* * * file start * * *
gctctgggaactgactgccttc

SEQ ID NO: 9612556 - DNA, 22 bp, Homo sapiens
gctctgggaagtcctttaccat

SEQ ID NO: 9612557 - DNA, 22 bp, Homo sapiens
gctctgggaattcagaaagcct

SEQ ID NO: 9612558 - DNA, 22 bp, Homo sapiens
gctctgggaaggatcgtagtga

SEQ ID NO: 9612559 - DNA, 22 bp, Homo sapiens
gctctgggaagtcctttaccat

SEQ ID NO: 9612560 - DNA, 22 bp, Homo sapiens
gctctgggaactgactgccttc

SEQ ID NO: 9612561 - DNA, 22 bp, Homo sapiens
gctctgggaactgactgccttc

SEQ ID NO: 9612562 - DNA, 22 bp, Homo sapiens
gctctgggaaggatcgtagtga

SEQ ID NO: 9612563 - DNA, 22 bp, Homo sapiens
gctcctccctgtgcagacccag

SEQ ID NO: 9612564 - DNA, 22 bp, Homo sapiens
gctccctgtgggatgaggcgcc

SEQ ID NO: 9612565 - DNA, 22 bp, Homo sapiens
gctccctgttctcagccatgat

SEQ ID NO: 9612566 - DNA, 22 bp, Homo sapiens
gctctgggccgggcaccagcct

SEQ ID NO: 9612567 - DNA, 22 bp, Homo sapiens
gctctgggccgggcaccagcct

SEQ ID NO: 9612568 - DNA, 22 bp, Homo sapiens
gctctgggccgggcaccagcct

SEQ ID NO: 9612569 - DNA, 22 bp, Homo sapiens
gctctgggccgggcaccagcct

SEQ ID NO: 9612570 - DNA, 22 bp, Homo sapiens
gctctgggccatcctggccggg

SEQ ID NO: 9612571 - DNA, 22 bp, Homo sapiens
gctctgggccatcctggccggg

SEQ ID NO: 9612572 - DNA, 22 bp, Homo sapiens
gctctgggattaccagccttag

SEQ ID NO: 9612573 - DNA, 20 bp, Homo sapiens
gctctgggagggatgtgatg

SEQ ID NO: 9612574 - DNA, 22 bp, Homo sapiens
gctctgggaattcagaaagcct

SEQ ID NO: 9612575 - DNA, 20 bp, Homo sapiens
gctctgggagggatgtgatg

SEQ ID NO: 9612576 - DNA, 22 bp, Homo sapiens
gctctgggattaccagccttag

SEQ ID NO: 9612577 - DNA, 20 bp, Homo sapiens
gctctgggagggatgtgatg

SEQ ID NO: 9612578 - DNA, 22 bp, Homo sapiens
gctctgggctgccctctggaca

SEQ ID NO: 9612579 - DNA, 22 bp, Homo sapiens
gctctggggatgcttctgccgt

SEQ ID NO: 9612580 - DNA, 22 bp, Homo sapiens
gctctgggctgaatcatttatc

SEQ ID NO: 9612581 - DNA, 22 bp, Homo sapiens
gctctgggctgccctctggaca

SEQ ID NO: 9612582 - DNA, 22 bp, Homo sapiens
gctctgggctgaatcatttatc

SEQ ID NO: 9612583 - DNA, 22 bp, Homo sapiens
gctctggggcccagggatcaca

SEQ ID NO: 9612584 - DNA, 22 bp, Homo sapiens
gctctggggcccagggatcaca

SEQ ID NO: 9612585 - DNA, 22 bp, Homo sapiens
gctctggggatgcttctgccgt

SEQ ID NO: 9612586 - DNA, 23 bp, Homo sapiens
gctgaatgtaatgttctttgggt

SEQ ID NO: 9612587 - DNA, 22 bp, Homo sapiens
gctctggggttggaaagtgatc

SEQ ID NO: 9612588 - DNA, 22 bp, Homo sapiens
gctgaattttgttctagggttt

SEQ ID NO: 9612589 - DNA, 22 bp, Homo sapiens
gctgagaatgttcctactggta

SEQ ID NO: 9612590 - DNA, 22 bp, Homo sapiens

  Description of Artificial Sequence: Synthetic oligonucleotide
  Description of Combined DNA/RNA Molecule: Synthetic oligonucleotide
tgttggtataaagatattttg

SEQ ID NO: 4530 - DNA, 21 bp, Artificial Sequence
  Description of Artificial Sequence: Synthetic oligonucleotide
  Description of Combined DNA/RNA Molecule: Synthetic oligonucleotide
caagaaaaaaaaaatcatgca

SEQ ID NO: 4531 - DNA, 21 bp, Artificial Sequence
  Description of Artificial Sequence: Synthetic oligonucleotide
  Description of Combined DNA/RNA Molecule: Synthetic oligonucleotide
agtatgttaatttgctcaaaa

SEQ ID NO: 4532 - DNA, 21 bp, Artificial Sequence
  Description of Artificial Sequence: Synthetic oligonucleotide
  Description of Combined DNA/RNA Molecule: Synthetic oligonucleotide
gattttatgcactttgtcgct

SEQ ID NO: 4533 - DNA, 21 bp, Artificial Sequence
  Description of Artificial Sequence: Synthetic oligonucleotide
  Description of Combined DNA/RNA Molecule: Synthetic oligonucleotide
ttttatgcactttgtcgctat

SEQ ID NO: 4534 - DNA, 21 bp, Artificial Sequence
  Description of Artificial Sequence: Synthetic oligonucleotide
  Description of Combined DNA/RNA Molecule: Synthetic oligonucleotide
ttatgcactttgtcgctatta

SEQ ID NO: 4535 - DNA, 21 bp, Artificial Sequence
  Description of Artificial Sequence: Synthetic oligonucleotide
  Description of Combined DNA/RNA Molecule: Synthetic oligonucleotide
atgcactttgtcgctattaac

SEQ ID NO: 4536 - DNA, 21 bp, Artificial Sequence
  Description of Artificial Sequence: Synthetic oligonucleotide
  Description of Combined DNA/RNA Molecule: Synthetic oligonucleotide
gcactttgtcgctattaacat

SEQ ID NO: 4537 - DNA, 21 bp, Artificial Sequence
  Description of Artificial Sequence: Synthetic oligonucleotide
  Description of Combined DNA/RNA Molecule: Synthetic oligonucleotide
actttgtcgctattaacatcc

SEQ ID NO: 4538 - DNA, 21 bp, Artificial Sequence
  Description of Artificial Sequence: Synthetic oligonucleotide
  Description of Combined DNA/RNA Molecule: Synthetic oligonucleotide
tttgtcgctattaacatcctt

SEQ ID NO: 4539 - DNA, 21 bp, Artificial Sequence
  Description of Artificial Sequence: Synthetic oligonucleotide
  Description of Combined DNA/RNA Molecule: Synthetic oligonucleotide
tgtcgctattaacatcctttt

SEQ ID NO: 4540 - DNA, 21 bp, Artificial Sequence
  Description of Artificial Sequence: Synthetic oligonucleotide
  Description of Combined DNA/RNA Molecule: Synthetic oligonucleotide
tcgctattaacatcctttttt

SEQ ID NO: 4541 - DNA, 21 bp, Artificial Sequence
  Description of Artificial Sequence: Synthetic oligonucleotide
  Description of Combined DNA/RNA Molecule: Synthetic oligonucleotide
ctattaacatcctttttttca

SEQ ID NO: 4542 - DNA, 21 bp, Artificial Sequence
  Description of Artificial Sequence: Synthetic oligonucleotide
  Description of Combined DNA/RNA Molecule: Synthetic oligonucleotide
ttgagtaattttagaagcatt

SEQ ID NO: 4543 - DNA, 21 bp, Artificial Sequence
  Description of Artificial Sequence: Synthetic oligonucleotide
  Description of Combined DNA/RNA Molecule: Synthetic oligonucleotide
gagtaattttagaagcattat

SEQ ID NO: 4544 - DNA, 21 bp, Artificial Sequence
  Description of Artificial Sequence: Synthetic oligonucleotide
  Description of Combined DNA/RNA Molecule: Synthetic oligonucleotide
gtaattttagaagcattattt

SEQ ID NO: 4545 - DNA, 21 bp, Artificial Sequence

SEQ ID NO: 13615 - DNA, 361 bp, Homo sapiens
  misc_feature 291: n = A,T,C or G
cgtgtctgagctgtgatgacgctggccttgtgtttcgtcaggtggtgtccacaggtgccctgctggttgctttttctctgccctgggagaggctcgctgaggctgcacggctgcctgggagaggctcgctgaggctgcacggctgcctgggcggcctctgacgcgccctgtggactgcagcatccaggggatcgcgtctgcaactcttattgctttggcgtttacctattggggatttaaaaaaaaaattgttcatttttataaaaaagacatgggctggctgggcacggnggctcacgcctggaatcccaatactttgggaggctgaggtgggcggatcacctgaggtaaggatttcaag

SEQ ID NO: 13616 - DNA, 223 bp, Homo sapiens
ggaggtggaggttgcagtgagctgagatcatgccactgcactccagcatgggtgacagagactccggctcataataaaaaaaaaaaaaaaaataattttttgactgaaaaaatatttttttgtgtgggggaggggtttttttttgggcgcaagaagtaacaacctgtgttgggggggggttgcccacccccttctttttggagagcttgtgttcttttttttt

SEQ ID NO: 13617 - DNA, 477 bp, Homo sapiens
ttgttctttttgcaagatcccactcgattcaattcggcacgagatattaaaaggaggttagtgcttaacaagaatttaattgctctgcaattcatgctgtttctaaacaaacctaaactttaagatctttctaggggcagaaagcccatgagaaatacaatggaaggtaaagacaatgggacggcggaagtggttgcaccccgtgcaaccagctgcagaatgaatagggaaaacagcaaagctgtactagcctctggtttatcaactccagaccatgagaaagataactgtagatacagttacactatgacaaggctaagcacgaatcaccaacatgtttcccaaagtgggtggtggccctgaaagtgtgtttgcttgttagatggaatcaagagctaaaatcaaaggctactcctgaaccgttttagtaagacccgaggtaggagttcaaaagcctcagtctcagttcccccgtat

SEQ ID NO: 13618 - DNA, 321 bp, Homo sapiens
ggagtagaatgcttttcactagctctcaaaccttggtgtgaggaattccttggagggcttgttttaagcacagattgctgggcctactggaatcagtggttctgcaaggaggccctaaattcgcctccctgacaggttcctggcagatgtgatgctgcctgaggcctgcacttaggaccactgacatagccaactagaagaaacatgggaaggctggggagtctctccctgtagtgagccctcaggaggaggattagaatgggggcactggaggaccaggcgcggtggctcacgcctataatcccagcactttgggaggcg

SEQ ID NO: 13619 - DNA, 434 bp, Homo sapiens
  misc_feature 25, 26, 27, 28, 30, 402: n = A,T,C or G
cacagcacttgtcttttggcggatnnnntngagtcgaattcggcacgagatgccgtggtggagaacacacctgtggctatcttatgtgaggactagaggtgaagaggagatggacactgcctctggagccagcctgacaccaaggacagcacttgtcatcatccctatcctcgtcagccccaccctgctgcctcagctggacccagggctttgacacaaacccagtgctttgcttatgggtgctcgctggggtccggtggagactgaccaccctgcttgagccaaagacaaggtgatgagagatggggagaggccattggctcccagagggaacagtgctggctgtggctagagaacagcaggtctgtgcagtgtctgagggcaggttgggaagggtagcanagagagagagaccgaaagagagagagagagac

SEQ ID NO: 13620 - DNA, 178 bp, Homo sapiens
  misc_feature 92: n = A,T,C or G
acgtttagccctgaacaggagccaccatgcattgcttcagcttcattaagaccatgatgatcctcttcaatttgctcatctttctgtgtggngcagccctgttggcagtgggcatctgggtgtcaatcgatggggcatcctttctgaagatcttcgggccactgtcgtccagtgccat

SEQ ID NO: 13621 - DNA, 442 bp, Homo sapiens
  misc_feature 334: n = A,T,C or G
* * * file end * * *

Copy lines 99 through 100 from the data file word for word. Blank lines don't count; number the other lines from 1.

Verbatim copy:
  Description of Artificial Sequence: Synthetic oligonucleotide
  Description of Combined DNA/RNA Molecule: Synthetic oligonucleotide